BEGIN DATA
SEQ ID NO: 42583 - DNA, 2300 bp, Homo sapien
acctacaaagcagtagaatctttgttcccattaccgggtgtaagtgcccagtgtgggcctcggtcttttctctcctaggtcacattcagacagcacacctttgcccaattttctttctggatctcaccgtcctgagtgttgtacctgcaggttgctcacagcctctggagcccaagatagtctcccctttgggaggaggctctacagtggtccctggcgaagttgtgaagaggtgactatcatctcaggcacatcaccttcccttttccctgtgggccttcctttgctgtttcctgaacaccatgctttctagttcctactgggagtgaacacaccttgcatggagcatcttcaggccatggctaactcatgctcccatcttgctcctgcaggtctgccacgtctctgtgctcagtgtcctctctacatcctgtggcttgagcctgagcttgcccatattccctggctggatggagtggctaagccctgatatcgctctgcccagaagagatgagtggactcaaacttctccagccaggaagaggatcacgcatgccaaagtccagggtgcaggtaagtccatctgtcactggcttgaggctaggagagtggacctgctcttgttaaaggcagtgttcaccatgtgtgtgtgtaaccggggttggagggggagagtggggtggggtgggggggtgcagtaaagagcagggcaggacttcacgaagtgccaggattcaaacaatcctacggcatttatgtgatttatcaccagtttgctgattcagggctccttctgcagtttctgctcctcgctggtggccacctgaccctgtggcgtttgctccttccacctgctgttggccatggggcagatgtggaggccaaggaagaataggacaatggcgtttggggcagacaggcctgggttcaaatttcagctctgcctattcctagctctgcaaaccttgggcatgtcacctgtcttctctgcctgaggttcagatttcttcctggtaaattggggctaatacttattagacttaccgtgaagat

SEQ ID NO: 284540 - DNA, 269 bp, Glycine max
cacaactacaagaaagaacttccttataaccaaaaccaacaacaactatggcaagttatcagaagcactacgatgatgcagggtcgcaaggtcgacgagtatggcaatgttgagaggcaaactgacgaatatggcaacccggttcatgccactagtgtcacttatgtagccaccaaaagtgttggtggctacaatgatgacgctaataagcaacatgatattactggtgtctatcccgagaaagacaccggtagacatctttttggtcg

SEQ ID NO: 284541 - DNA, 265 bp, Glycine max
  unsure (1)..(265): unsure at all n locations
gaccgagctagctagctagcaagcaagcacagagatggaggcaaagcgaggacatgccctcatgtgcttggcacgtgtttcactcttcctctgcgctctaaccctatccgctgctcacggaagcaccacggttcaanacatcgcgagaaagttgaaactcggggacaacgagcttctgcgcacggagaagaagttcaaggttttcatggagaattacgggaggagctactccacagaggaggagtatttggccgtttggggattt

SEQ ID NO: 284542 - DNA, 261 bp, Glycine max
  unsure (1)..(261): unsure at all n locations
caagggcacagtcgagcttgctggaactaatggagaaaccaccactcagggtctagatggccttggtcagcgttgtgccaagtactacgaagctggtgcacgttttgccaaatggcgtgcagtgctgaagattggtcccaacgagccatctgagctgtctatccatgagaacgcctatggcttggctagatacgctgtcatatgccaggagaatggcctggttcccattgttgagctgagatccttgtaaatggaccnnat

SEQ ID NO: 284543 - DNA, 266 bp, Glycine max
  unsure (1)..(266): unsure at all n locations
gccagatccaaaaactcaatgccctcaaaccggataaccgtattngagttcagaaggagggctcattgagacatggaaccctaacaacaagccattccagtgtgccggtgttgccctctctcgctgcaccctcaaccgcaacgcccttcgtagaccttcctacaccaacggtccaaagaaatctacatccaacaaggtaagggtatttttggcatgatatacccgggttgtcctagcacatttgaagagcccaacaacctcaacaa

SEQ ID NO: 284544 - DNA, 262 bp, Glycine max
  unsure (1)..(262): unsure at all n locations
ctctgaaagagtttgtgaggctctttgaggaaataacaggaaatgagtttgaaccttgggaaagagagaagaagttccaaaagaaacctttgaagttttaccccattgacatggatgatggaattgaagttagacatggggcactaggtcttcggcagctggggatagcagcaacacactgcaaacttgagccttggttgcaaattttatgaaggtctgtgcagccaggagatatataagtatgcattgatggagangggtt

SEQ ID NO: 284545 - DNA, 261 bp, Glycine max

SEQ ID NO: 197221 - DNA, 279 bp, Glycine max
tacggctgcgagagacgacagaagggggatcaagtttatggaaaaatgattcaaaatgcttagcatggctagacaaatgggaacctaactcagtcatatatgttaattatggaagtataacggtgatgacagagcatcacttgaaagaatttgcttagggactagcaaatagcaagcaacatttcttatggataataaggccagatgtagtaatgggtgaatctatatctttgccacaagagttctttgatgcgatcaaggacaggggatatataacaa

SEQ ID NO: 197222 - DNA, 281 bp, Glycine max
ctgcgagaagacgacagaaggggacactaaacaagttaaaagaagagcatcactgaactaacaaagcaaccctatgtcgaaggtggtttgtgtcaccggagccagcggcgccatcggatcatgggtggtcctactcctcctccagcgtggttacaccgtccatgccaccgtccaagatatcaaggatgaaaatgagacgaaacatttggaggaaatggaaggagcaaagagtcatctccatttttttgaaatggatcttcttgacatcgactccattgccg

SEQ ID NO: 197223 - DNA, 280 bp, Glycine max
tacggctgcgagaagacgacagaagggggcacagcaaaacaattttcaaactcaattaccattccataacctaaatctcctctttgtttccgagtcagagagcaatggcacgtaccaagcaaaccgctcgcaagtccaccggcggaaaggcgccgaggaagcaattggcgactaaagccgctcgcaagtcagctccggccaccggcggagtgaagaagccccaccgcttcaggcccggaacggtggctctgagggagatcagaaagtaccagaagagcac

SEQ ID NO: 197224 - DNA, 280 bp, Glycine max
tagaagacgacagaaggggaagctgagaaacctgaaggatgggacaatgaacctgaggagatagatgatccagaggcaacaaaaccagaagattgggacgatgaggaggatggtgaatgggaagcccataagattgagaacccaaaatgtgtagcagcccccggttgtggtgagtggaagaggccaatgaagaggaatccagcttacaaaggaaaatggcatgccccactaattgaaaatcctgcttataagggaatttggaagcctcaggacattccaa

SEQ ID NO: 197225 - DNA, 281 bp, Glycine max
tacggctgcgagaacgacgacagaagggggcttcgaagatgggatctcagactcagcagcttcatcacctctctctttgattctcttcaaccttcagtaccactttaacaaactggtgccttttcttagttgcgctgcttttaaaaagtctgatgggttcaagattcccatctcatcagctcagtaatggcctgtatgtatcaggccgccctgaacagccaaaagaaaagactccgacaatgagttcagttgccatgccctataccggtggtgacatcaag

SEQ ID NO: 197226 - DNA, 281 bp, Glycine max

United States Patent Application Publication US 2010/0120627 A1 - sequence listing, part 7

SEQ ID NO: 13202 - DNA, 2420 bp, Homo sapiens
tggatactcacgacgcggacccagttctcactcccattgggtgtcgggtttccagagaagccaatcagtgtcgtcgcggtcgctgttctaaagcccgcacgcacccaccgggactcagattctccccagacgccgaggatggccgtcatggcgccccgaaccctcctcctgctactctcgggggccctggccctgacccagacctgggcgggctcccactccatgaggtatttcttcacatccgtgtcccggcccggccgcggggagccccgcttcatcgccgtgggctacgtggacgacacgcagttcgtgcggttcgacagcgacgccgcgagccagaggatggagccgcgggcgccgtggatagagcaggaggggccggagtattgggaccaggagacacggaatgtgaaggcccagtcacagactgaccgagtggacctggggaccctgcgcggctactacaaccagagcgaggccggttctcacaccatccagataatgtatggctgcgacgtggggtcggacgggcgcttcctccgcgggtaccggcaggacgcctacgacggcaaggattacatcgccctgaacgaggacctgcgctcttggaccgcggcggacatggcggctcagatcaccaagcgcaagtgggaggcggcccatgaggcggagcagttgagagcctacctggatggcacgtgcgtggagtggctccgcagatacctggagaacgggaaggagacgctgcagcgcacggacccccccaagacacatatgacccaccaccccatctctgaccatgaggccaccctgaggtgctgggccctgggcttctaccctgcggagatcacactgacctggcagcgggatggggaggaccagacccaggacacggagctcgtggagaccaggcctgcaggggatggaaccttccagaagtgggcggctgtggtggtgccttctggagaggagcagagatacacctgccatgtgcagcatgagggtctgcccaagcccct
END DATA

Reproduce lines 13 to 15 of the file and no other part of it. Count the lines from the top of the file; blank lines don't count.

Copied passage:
gccagatccaaaaactcaatgccctcaaaccggataaccgtattngagttcagaaggagggctcattgagacatggaaccctaacaacaagccattccagtgtgccggtgttgccctctctcgctgcaccctcaaccgcaacgcccttcgtagaccttcctacaccaacggtccaaagaaatctacatccaacaaggtaagggtatttttggcatgatatacccgggttgtcctagcacatttgaagagcccaacaacctcaacaa

SEQ ID NO: 284544 - DNA, 262 bp, Glycine max
  unsure (1)..(262): unsure at all n locations